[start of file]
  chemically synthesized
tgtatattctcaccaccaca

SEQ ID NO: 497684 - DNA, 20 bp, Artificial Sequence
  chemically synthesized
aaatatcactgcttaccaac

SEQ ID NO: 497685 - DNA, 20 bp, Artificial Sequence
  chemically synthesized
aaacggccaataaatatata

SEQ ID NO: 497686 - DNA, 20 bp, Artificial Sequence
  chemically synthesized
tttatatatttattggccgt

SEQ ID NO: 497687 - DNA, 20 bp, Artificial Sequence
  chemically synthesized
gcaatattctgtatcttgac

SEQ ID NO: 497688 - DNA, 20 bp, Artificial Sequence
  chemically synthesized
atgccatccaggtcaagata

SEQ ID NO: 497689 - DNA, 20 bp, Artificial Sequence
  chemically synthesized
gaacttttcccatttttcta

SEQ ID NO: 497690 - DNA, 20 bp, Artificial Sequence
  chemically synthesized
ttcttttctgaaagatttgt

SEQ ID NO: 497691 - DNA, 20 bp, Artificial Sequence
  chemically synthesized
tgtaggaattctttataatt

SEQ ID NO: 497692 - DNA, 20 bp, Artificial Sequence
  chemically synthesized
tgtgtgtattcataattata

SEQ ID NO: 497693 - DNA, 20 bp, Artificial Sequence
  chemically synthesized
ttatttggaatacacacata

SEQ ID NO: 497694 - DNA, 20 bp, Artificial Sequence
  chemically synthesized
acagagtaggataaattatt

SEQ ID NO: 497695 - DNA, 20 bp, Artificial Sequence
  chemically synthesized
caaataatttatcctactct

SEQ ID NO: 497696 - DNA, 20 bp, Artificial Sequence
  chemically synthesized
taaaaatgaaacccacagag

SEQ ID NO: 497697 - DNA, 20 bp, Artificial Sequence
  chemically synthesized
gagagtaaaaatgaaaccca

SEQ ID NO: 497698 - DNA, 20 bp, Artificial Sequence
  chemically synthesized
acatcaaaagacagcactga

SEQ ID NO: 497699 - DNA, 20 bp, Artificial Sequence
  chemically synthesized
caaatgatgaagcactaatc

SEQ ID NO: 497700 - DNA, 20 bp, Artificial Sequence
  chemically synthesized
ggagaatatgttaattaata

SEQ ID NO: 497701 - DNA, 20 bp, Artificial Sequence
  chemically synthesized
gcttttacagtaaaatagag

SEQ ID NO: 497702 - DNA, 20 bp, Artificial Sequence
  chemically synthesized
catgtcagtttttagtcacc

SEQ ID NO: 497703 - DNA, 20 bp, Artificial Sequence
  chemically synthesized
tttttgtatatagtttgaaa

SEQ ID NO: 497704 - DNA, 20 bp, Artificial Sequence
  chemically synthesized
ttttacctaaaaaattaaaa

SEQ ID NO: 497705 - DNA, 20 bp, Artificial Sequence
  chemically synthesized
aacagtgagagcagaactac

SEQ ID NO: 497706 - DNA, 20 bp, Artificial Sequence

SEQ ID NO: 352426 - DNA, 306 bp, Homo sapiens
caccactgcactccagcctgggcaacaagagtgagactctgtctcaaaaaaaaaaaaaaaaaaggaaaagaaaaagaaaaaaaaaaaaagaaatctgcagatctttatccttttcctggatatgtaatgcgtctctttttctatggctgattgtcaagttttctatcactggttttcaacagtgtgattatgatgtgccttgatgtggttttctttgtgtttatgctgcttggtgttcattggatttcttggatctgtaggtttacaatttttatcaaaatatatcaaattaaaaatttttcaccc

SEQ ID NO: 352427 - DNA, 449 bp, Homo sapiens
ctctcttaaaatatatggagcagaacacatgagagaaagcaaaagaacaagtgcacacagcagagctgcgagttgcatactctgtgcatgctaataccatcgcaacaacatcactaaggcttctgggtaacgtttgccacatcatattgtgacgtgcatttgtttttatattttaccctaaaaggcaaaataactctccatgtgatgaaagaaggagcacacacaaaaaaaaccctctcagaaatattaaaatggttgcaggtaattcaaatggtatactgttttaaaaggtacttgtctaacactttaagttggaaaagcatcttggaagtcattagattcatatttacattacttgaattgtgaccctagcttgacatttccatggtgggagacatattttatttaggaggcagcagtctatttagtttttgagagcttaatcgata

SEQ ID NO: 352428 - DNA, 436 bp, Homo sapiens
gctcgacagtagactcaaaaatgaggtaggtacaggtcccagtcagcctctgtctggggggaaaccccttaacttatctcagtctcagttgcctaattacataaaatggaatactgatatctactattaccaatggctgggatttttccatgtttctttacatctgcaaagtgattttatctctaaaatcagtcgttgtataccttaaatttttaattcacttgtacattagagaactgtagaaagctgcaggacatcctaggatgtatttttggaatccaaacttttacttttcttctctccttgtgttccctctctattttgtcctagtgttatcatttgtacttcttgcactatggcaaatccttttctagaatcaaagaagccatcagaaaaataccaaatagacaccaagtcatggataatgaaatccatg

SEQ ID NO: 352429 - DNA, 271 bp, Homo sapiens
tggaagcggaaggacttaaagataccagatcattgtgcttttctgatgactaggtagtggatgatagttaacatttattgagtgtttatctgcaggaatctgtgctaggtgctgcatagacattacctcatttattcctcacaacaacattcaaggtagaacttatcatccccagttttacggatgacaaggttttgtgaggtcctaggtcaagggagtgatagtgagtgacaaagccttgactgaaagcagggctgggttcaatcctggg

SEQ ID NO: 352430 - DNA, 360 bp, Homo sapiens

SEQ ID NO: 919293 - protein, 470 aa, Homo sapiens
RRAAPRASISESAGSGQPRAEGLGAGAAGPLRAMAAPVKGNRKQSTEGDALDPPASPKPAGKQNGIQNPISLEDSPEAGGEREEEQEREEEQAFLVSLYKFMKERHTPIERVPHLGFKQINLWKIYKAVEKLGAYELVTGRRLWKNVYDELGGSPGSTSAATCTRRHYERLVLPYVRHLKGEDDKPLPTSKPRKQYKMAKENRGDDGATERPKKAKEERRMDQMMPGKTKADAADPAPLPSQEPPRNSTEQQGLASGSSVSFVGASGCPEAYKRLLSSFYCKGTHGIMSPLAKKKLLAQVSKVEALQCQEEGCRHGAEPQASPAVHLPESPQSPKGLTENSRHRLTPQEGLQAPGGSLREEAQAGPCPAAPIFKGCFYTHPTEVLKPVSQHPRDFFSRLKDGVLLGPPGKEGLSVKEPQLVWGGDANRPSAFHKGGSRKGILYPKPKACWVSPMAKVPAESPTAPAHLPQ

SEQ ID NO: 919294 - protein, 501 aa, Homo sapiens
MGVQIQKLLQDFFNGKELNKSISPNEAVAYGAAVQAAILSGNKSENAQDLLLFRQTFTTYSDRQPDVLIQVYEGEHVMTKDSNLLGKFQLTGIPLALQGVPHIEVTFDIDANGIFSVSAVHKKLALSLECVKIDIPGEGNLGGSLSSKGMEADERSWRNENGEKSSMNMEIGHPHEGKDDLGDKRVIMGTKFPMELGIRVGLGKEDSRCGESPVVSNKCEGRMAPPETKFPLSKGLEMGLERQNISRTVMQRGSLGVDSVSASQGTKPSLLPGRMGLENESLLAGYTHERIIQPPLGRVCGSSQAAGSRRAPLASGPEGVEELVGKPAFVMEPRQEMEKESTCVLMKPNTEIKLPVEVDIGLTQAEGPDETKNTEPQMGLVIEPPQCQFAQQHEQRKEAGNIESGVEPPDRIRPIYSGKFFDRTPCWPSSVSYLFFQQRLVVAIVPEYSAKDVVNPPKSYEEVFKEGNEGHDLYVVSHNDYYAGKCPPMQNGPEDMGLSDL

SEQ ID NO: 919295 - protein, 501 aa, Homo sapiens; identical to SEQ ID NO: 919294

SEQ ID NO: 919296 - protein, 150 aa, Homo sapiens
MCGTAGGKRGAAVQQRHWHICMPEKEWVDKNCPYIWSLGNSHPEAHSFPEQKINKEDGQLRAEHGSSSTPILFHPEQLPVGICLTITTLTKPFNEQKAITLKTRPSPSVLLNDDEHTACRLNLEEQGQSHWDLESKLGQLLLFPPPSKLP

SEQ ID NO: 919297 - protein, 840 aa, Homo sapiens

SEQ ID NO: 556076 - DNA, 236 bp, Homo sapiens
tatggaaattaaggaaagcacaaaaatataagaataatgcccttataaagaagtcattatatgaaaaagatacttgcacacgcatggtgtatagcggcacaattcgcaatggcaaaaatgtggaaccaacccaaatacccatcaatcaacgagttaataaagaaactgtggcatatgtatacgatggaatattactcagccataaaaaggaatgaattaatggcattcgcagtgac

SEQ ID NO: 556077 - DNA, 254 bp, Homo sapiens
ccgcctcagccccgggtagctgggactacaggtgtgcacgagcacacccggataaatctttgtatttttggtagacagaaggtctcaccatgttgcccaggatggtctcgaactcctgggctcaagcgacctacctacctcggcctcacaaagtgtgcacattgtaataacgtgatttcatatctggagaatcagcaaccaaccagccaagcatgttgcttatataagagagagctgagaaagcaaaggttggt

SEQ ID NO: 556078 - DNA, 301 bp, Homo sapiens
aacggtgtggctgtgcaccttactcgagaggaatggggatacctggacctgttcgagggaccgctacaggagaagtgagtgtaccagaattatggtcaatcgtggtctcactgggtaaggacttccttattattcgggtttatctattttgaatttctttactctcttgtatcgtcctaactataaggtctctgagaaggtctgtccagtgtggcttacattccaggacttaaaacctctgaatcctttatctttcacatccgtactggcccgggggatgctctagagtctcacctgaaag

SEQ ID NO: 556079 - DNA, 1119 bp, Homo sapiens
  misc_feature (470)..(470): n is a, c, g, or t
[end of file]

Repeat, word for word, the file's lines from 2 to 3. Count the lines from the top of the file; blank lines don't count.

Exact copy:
tgtatattctcaccaccaca

SEQ ID NO: 497684 - DNA, 20 bp, Artificial Sequence